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Aviat Space Environ Med. 1998 Jun;69(6 Suppl):A2-8.

Comparison of hyper- and microgravity on rat muscle, organ weights and selected plasma constituents.

Author information

  • 1Life Sciences Division, NASA-Ames Research Center, Moffett Field, CA, USA.
  • 2ARC

Abstract

BACKGROUND:

Centrifugation has been proposed to be one possible countermeasure for the skeletal muscle, organ, hormonal, and plasma chemistry adaptations associated with chronic unloading (e.g., during spaceflight).

HYPOTHESIS:

Our hypothesis was that there would be a continuum of physiological and morphological responses from zero gravity to hypergravity.

METHODS:

Adult male rats were centrifuged continuously at 2G for 14 d and the weights of limb muscles and organs, and the levels of plasma constituents were compared with the same measurements from rats flown on a 14-d spaceflight (Cosmos 2044).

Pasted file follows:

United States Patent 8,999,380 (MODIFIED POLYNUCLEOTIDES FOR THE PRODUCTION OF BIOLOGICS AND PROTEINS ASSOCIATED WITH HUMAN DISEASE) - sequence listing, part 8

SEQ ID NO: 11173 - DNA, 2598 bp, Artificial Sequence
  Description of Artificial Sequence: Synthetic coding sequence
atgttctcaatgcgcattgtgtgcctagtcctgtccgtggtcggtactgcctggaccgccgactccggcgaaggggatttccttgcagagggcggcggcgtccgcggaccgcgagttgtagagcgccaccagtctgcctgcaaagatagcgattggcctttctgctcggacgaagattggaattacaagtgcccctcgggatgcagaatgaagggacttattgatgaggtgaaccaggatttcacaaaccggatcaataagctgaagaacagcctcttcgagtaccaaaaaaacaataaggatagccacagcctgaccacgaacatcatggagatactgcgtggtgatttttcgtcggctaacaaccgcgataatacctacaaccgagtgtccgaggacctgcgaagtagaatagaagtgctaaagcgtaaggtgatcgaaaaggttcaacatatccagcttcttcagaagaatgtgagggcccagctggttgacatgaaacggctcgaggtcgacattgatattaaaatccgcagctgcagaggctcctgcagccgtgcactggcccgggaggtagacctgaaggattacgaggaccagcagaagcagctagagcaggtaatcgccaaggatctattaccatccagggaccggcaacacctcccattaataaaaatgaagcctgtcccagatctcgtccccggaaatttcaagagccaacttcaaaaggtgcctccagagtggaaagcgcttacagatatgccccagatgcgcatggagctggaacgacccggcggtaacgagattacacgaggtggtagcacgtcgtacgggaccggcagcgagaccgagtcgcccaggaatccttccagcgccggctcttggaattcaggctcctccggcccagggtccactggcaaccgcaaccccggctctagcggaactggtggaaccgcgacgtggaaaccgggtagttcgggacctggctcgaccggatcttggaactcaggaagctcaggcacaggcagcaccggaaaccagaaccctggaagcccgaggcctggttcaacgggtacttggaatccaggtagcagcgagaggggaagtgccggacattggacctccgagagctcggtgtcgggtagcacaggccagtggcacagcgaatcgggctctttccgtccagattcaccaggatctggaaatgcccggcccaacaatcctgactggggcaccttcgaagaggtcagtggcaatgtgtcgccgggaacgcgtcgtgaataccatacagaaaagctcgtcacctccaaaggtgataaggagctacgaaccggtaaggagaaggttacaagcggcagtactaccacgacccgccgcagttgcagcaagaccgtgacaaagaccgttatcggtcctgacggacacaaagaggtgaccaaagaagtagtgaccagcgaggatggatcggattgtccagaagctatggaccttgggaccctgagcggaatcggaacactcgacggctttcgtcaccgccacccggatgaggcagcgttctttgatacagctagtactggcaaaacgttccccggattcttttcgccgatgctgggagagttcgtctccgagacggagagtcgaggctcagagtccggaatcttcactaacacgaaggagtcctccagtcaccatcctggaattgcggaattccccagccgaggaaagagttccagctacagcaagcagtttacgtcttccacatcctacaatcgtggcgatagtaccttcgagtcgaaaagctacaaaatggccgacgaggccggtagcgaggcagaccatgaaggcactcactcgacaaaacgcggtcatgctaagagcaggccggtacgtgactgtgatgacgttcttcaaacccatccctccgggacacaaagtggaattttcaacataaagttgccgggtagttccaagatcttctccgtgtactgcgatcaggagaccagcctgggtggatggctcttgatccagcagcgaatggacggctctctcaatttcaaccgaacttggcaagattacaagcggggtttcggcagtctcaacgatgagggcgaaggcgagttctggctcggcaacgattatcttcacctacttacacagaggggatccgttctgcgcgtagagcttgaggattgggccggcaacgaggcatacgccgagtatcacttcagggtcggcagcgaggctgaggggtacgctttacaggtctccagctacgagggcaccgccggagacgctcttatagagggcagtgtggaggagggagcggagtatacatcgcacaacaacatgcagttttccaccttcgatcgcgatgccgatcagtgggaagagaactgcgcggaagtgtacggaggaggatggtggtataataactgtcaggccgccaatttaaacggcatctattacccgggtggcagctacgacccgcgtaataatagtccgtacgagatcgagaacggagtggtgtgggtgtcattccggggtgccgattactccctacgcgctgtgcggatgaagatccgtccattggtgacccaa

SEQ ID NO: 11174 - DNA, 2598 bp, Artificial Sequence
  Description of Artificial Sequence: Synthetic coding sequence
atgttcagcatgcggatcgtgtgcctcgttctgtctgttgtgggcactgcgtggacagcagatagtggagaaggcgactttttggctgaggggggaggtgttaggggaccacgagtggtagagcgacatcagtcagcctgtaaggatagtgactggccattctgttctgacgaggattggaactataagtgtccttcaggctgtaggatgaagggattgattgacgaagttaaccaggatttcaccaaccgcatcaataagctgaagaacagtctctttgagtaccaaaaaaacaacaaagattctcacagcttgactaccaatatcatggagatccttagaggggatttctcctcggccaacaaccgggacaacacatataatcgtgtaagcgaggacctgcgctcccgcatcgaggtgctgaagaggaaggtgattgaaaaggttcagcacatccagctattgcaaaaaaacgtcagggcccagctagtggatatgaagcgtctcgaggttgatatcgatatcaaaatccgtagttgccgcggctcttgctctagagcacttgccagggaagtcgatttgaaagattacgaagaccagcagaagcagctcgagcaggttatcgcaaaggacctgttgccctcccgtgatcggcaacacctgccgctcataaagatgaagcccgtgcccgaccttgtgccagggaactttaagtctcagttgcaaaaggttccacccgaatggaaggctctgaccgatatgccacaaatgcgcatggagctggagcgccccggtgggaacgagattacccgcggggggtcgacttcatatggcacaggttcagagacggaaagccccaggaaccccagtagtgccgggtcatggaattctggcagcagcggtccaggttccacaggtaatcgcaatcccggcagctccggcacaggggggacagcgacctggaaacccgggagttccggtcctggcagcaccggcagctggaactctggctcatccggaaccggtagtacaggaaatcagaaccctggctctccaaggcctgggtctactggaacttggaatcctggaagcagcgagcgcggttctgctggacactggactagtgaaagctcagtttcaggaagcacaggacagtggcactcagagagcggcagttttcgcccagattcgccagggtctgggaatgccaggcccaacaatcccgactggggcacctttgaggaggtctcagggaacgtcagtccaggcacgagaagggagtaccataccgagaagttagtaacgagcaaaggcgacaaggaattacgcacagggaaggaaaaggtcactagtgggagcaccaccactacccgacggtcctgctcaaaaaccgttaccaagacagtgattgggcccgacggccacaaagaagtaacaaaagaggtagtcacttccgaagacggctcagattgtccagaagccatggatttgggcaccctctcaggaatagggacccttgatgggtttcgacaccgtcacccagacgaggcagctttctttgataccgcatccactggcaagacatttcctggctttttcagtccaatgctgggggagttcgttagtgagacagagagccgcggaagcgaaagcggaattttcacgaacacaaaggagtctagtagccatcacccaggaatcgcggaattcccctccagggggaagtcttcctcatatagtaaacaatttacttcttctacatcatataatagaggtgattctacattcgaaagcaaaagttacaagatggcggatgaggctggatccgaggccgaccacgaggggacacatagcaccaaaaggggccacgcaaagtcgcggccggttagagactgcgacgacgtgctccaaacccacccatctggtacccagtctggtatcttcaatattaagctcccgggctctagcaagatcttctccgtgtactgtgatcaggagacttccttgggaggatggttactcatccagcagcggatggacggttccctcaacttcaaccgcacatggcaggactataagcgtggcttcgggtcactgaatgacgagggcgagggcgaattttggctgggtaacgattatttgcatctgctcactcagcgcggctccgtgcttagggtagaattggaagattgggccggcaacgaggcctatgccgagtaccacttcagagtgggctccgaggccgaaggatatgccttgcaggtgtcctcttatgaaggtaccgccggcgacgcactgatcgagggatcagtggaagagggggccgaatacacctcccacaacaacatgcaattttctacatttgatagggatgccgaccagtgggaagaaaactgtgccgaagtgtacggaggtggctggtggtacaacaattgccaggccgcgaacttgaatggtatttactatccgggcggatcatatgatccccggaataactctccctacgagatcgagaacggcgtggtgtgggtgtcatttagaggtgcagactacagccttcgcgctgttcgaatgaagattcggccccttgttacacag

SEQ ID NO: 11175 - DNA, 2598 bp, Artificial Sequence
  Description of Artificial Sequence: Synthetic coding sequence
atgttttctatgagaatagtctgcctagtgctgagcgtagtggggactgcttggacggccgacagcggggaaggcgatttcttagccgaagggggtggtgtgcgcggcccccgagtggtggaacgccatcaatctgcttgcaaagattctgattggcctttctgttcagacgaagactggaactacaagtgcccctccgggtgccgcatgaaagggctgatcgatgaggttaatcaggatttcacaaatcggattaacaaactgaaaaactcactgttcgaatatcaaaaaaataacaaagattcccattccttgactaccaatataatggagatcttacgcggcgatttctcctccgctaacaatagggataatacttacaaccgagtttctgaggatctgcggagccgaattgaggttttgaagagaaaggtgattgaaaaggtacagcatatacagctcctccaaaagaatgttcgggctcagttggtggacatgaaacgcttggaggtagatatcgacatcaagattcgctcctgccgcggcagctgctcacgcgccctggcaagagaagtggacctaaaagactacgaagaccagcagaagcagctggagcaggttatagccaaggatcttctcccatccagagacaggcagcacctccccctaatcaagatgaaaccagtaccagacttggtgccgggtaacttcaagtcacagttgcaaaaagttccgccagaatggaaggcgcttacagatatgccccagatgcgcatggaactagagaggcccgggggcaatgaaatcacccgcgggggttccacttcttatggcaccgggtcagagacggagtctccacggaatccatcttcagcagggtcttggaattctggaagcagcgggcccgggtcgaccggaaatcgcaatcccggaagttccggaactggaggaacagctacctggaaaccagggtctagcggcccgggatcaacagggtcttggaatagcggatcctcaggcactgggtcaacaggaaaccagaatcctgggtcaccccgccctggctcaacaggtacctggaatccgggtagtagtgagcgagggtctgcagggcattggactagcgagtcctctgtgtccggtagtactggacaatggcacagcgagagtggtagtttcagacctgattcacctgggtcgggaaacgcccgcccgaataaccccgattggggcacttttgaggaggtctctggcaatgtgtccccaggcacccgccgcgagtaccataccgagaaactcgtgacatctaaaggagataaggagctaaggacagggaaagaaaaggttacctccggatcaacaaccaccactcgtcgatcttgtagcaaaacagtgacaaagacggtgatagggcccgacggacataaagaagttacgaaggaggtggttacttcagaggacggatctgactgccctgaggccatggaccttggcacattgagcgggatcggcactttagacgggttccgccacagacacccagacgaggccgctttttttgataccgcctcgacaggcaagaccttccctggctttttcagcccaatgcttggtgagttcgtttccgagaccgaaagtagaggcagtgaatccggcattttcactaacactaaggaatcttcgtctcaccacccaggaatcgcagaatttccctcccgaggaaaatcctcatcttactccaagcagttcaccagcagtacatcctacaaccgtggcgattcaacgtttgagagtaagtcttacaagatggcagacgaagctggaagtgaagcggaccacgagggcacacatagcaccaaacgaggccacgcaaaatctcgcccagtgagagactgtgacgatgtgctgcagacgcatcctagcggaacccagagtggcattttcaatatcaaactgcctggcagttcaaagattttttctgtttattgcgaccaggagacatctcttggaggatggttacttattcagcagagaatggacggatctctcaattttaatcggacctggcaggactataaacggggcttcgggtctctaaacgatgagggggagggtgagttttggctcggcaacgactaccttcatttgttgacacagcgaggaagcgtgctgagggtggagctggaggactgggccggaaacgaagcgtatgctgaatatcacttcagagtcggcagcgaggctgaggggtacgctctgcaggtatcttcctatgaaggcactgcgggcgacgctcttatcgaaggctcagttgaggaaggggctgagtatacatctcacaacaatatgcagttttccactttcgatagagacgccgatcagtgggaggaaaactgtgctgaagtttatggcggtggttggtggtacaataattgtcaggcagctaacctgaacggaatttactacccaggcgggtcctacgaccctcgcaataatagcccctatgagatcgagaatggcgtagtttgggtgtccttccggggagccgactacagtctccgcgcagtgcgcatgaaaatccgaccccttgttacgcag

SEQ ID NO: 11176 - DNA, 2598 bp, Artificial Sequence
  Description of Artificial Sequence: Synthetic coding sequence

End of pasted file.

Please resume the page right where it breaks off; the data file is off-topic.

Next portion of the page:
RESULTS:

Mean body weights of centrifuge rats did not change, whereas age-matched controls grew 21%. There was a sparing of muscle protein in the centrifuge rats; the absolute weights of predominantly slow muscles in the hindlimb were maintained and the relative weights (expressed relative to body weight and as a percent difference from control) of almost all muscles studied were larger than control. In contrast, spaceflight resulted in a decrease in the relative weights of most extensor, but not flexor, hindlimb muscles studied. Relative organ weights, in general, were elevated in centrifuge rats compared with control rats. Relative organ weights in flight rats were similar to control, except for a decrease in testes weight. Plasma thyroxine and testosterone levels were significantly reduced following flight, whereas only thyroxine was decreased after centrifugation. Centrifugation resulted in a decrease in most other plasma chemistry measurements, whereas flight rats showed no change or an elevation in these measures.

DISCUSSION:

These data indicate that the physiological responses to micro- and hypergravity are often in the opposite direction, suggesting that in general there is a continuum of physiological and morphological effects from microgravity to 1G to hypergravity. These data further suggest that the imposition of hypergravity conditions on animals that are in a microgravity environment may have a beneficial effect in maintaining some physiological systems at or near control levels.

PMID:
10776445
[PubMed - indexed for MEDLINE]
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